Using a Proxy-Oriented Genetic Algorithm to Find a Millisecond-Scale Model of the Hippocampus

Hocking, Ashlie, Computer Science - School of Engineering and Applied Science, University of Virginia
Martin, Worthy, Department of Computer Science, University of Virginia

The Levy model is a neural network model of the CA3 region of the hippocampus. Previous work with the Levy model has shown success in modeling such hippocampally dependent tasks as trace conditioning, configural learning, spatial navigation, and sequence learning. Learning these tasks require network-scale behavior over simulated time-scales of minutes or longer. Most simulations of the model use simple McCulloch-Pitts neurons operating at time-scales of 15-30 ms.
Replacing the McCulloch-Pitts neurons with Izhikevich neurons allows the model to demonstrate biologically plausible neuron-scale behavior over time-scales of 1 ms and shorter. However, reproducing the network-scale behavior shown using the simpler McCulloch-Pitts neurons becomes more complicated due to the increased number of interacting parameters.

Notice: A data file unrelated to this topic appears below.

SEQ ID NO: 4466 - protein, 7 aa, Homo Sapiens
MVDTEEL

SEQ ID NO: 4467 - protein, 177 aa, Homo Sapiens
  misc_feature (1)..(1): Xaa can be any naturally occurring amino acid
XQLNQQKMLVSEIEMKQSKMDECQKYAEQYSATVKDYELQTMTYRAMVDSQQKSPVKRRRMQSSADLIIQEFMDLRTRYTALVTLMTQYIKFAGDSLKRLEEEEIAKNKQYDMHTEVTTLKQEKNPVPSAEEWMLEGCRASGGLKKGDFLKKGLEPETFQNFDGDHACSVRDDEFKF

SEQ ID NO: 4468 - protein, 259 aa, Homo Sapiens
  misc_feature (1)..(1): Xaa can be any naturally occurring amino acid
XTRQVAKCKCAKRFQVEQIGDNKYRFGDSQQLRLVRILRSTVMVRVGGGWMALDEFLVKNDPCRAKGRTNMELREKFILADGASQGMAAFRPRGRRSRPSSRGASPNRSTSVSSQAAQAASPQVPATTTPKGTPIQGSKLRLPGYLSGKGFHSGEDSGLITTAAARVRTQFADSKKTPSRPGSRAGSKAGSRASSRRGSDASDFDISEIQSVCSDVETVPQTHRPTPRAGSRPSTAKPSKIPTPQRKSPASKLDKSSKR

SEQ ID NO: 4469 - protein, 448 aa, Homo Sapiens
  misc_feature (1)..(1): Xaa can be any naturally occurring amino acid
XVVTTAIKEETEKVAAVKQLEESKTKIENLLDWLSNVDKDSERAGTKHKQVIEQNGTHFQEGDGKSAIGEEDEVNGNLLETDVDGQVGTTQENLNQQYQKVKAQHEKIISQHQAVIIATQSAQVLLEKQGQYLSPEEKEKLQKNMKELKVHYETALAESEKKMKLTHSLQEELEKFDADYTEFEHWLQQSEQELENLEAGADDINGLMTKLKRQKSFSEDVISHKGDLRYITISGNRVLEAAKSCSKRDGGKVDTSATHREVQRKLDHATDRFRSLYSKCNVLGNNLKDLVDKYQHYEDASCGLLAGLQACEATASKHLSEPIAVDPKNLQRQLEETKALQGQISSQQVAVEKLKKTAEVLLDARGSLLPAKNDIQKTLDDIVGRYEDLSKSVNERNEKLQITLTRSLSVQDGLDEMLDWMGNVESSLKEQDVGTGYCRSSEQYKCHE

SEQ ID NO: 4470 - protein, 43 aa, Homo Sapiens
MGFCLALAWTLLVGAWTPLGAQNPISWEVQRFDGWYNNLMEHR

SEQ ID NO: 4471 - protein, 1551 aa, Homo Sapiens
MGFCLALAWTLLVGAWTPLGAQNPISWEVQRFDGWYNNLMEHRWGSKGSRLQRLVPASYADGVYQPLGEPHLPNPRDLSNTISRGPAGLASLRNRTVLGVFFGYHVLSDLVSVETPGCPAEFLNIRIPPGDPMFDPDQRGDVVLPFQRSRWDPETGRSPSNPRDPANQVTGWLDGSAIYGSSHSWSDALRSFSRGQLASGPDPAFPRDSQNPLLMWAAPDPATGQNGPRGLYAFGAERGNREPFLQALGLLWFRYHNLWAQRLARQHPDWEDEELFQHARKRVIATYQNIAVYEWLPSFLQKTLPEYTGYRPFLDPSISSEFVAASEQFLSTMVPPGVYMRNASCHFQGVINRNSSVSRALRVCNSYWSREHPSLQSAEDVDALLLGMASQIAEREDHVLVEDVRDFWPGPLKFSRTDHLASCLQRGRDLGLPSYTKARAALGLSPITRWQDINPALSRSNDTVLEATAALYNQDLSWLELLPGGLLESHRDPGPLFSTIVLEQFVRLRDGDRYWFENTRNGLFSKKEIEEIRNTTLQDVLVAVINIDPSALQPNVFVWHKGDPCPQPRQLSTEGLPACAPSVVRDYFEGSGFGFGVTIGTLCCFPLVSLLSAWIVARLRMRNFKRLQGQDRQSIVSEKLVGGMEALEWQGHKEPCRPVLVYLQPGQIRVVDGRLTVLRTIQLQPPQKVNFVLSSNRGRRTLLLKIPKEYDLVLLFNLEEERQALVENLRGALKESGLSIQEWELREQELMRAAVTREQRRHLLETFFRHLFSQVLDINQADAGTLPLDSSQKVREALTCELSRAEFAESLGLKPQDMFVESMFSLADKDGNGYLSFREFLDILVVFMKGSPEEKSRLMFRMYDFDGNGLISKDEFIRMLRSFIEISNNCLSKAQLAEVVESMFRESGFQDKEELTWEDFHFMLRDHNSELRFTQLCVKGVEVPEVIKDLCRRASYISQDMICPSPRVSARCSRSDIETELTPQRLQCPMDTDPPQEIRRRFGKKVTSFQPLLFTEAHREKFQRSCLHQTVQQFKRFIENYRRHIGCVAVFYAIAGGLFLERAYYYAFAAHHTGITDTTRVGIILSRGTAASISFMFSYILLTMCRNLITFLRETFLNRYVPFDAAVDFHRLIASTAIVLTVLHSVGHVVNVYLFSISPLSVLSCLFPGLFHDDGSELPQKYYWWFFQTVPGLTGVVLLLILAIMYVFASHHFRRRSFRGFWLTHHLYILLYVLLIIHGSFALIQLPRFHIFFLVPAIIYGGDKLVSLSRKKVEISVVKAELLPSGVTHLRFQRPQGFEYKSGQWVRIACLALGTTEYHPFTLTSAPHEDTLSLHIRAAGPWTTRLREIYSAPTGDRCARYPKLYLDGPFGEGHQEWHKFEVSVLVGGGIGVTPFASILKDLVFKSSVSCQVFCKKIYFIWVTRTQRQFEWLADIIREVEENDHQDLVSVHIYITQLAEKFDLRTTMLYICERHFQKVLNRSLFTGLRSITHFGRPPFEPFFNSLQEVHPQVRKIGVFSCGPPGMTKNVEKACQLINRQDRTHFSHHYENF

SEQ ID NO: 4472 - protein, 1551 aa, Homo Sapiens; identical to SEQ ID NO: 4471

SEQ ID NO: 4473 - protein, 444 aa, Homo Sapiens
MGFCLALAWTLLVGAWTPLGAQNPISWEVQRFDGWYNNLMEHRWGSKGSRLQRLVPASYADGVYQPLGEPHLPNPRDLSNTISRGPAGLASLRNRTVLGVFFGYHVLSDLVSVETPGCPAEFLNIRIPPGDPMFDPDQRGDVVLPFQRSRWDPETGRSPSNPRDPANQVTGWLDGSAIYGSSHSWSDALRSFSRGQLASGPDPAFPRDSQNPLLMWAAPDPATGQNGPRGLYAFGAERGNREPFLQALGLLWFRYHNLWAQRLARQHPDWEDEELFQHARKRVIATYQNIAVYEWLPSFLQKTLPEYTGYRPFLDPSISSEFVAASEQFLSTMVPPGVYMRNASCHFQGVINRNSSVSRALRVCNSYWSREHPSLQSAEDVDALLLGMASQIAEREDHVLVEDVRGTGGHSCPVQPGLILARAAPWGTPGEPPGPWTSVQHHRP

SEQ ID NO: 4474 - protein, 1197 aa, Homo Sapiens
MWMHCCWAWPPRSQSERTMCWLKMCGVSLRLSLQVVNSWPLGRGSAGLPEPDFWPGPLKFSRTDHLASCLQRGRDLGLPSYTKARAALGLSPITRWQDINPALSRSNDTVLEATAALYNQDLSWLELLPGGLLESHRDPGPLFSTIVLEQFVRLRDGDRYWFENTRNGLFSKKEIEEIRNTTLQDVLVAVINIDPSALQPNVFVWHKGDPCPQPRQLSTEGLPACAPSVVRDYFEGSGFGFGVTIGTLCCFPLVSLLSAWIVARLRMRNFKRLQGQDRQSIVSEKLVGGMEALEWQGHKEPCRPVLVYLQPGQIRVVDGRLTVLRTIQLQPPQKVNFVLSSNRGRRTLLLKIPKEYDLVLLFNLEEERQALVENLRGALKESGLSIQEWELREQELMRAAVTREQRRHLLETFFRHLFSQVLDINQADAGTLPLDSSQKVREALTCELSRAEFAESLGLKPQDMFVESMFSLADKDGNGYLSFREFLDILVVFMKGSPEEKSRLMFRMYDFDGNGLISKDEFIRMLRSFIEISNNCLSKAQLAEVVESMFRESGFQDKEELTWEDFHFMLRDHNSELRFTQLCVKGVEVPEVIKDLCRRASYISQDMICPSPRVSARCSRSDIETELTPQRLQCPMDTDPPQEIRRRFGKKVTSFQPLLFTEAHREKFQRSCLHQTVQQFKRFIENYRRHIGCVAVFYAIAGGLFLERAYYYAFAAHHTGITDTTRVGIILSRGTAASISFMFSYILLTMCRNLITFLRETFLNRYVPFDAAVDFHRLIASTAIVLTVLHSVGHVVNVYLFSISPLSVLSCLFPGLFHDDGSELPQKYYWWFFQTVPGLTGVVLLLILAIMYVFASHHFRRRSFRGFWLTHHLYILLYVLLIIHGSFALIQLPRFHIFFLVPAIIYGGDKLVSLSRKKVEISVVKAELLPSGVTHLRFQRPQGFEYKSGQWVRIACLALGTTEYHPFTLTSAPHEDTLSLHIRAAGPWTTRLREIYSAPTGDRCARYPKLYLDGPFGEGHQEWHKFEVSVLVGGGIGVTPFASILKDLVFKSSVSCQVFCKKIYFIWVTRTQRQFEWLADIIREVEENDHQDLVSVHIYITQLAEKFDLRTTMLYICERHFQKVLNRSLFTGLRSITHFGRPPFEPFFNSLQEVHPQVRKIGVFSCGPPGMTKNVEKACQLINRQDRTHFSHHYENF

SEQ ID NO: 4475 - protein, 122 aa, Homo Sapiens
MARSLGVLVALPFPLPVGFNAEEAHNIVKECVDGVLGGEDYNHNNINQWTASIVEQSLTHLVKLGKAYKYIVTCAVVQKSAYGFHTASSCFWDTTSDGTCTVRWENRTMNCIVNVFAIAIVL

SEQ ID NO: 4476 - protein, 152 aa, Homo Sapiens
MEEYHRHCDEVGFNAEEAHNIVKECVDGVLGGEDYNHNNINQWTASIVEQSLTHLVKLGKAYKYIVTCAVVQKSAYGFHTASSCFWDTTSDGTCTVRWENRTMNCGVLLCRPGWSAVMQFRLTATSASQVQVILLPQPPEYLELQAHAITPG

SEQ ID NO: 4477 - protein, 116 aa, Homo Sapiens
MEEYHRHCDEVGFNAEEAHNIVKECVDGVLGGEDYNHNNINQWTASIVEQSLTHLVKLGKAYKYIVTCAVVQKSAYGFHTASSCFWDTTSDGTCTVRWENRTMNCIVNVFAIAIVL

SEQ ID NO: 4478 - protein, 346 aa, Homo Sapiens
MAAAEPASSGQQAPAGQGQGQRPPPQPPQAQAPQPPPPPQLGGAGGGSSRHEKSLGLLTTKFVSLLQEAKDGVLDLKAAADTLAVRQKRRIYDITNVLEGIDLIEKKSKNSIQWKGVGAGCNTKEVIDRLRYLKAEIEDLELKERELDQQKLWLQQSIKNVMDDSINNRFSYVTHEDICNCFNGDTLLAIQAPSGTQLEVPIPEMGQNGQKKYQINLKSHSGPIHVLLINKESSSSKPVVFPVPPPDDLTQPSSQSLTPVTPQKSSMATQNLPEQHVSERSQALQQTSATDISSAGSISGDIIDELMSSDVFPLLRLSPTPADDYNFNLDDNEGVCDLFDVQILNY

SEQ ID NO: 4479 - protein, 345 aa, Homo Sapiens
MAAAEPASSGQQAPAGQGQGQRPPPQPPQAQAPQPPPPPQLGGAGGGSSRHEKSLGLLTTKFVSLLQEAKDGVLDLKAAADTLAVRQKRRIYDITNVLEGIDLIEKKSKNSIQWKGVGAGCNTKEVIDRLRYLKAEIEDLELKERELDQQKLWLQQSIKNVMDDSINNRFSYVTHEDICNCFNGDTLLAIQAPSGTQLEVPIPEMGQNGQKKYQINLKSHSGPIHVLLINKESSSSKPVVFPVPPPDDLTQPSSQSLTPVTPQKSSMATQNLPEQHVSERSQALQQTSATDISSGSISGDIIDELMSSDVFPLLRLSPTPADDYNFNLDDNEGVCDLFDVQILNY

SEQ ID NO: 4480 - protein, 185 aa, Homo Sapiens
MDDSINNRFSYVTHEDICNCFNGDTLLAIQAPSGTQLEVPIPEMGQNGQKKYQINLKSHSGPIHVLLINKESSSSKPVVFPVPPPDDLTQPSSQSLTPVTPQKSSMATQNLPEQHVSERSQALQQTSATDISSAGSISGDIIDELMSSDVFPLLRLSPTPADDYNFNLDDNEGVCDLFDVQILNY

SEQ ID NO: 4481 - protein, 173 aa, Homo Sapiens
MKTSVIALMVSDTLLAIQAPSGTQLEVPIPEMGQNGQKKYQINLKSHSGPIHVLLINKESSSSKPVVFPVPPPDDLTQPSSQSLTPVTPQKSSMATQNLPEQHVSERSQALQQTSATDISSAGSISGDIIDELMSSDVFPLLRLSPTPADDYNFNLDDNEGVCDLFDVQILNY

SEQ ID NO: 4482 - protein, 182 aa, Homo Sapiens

A genetic algorithm is used to explore these interacting parameters. Since the fitness function requires running a simulation of the CA3 region of the hippocampus, a proxy fitness function is used that simulates less than one second of time in the hippocampal model rather than a complete multi-minute simulation. The full fitness function only needs to be evaluated for parameter settings that pass a threshold value for the proxy function. Using a proxy-oriented genetic algorithm, settings were for the extended Levy model so that it can operate at millisecond time scales, demonstrate neuron-scale plausible behavior, while still demonstrating trace conditioning acquisition.

PHD (Doctor of Philosophy)
computational neuroscience, hippocampus, neural network, genetic algorithm, artificial intelligence
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